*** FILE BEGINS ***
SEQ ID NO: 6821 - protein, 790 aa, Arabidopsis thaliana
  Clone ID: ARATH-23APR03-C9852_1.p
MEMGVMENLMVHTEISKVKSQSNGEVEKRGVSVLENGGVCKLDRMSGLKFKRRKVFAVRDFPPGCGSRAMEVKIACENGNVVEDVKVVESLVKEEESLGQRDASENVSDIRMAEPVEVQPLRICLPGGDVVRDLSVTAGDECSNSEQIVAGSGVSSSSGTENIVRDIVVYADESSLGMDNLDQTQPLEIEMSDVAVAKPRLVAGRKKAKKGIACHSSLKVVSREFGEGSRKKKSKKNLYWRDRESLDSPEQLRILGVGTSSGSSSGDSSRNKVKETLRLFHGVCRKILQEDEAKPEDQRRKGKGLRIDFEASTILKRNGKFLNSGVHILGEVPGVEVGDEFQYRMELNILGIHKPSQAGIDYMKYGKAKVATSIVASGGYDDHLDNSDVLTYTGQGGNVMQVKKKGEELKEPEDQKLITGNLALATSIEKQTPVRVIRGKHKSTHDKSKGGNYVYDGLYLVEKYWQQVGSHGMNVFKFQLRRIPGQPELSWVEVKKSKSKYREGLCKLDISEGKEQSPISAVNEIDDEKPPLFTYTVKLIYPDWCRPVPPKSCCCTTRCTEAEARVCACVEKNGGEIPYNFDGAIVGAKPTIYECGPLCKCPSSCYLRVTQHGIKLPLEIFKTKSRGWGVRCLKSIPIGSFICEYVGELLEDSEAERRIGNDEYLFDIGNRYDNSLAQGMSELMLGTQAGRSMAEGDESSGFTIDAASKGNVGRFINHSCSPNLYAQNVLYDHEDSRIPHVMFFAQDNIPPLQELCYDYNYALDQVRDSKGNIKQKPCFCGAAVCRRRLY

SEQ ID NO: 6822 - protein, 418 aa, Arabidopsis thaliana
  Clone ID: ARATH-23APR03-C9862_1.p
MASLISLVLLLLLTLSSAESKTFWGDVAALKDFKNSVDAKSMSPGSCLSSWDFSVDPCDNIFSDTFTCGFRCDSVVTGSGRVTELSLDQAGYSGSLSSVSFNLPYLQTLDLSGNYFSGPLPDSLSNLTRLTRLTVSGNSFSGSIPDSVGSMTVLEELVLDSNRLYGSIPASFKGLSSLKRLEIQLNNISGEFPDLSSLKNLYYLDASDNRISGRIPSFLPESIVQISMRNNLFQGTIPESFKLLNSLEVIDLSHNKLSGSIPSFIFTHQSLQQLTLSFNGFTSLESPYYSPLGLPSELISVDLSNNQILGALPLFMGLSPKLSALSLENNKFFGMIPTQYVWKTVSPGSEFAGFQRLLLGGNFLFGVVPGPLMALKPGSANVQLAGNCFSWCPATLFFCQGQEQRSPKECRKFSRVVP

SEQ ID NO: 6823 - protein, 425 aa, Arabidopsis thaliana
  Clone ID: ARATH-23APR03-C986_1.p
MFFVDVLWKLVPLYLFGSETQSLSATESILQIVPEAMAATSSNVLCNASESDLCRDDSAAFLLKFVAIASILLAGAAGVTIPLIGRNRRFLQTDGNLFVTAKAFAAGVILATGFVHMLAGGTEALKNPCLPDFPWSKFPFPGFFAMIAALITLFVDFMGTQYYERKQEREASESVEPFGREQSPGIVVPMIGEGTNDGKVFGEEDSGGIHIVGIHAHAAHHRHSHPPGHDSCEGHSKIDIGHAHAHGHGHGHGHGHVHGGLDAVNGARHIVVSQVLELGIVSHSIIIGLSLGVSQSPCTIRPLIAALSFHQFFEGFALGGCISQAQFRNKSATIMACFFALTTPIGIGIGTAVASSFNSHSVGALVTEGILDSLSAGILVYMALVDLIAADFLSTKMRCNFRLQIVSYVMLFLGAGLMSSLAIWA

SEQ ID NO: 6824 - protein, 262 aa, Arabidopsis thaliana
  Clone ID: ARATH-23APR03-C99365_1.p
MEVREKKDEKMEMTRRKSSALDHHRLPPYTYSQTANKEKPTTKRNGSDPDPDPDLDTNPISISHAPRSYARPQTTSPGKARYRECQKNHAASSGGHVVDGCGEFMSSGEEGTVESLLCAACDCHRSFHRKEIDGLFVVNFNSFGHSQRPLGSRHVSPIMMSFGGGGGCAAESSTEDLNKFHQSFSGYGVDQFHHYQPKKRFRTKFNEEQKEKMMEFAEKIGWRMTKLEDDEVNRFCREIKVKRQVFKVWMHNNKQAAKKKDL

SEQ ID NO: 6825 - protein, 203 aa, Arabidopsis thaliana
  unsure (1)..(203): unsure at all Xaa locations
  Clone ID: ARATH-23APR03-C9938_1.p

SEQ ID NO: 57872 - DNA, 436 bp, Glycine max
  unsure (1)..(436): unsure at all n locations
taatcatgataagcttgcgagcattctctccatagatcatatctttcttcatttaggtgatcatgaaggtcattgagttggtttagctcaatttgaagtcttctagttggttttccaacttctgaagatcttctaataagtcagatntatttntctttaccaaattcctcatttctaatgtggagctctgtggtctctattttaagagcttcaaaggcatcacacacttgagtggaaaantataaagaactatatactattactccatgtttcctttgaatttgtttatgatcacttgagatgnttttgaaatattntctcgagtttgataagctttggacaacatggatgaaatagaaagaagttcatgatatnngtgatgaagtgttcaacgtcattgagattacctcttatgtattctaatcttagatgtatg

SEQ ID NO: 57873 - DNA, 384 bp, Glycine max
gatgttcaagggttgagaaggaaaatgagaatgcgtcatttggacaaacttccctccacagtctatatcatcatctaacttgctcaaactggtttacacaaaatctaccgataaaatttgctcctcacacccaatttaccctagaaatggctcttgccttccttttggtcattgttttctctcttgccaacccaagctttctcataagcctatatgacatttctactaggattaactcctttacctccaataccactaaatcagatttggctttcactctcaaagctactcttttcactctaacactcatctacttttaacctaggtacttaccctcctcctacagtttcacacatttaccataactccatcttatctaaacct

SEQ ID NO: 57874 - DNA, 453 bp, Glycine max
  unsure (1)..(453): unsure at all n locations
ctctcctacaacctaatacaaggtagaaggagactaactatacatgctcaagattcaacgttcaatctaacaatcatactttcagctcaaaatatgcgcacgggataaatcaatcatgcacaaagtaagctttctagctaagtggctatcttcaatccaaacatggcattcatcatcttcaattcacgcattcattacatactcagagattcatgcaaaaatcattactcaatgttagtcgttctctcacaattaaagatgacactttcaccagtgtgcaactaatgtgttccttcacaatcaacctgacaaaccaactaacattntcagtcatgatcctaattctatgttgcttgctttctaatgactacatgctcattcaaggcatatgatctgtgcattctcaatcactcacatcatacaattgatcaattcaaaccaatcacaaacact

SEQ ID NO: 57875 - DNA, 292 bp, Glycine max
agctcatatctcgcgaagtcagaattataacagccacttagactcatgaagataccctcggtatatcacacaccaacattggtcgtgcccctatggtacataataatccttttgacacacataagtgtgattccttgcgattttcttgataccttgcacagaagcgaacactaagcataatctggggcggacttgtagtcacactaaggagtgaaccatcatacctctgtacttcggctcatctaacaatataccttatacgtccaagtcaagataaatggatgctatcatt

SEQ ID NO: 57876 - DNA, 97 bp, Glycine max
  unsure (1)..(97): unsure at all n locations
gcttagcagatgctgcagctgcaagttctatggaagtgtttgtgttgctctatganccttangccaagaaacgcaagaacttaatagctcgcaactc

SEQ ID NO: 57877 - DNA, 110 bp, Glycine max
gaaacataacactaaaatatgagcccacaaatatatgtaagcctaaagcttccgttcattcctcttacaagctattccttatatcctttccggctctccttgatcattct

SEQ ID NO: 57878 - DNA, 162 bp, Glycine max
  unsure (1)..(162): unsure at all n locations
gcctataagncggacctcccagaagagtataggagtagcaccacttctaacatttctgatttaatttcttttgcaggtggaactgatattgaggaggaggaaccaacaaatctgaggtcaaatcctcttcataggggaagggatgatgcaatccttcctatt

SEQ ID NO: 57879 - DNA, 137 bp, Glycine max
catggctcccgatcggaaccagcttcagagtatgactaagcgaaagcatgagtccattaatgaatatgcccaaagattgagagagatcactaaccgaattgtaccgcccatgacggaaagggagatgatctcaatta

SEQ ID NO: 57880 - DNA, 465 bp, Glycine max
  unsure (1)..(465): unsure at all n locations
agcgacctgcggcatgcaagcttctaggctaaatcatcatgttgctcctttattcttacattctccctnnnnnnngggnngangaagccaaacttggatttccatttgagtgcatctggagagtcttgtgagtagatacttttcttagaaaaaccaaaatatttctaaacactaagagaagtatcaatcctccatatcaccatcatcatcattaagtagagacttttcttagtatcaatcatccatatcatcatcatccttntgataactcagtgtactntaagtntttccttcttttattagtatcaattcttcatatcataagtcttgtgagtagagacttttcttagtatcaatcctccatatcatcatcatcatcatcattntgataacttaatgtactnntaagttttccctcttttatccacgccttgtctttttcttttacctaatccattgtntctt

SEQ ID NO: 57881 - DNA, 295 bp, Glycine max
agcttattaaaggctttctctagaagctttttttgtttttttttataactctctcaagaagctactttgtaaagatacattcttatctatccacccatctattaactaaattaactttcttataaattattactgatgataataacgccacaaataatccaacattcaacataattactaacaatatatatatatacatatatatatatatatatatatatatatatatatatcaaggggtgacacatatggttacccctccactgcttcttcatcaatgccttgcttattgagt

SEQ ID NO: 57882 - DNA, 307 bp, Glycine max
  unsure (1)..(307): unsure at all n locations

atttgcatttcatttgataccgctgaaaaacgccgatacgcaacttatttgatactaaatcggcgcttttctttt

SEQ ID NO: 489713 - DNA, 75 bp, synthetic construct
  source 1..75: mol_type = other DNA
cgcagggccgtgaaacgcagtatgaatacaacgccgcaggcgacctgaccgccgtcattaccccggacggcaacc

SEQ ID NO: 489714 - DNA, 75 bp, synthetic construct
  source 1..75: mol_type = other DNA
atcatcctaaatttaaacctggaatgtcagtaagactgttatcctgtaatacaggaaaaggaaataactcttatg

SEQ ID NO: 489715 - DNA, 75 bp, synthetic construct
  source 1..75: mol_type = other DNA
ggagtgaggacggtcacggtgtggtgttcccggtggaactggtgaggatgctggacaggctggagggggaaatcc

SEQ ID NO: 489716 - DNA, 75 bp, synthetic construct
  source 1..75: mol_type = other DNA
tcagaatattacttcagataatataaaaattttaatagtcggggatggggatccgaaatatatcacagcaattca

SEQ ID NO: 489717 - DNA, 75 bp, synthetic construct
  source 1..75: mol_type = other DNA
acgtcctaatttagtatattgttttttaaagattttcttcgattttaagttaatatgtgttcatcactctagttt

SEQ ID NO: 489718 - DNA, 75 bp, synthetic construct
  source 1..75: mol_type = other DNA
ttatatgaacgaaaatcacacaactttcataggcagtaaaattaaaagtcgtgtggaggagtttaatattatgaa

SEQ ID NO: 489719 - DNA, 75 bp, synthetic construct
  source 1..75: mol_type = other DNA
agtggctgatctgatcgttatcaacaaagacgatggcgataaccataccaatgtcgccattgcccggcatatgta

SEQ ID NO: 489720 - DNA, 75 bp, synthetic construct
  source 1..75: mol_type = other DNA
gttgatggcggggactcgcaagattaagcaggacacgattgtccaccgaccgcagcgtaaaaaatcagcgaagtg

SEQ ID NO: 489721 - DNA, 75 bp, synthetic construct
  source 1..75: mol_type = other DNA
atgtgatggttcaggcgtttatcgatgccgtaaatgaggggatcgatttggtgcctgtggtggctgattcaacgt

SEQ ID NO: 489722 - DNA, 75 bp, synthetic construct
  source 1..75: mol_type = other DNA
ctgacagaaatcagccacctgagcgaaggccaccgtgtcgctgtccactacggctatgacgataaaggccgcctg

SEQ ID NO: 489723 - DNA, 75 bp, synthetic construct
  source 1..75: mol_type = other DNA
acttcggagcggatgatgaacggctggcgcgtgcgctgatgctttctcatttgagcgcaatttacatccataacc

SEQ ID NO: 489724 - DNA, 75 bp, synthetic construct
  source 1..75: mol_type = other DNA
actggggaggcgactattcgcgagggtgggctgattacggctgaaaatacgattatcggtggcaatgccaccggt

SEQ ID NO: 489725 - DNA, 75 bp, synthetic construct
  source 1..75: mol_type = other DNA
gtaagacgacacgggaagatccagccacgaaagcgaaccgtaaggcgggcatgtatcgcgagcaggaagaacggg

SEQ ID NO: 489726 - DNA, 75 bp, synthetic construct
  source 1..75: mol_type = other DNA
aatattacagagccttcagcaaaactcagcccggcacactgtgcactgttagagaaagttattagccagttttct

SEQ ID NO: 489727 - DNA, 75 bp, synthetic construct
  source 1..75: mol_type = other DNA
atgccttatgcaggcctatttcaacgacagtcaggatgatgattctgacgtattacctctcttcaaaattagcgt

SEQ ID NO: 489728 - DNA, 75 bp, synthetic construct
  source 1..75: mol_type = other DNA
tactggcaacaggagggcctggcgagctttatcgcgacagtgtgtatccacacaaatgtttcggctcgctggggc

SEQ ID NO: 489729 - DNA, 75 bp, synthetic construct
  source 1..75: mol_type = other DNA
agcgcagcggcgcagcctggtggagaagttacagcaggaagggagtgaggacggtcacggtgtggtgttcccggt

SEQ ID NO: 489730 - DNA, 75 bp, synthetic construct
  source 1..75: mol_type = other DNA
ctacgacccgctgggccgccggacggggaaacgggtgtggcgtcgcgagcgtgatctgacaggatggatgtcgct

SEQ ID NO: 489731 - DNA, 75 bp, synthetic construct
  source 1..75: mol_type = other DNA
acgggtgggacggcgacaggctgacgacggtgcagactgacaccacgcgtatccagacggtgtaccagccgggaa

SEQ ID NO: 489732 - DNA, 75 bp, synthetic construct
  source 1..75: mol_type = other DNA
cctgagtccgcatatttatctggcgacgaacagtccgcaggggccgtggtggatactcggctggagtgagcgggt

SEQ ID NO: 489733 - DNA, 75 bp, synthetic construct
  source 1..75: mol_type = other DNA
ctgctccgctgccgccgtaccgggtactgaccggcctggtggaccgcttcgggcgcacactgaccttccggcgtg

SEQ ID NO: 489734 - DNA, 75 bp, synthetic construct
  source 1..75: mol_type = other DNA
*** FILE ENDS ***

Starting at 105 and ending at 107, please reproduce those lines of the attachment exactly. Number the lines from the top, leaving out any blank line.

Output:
  source 1..75: mol_type = other DNA
ctgctccgctgccgccgtaccgggtactgaccggcctggtggaccgcttcgggcgcacactgaccttccggcgtg

SEQ ID NO: 489734 - DNA, 75 bp, synthetic construct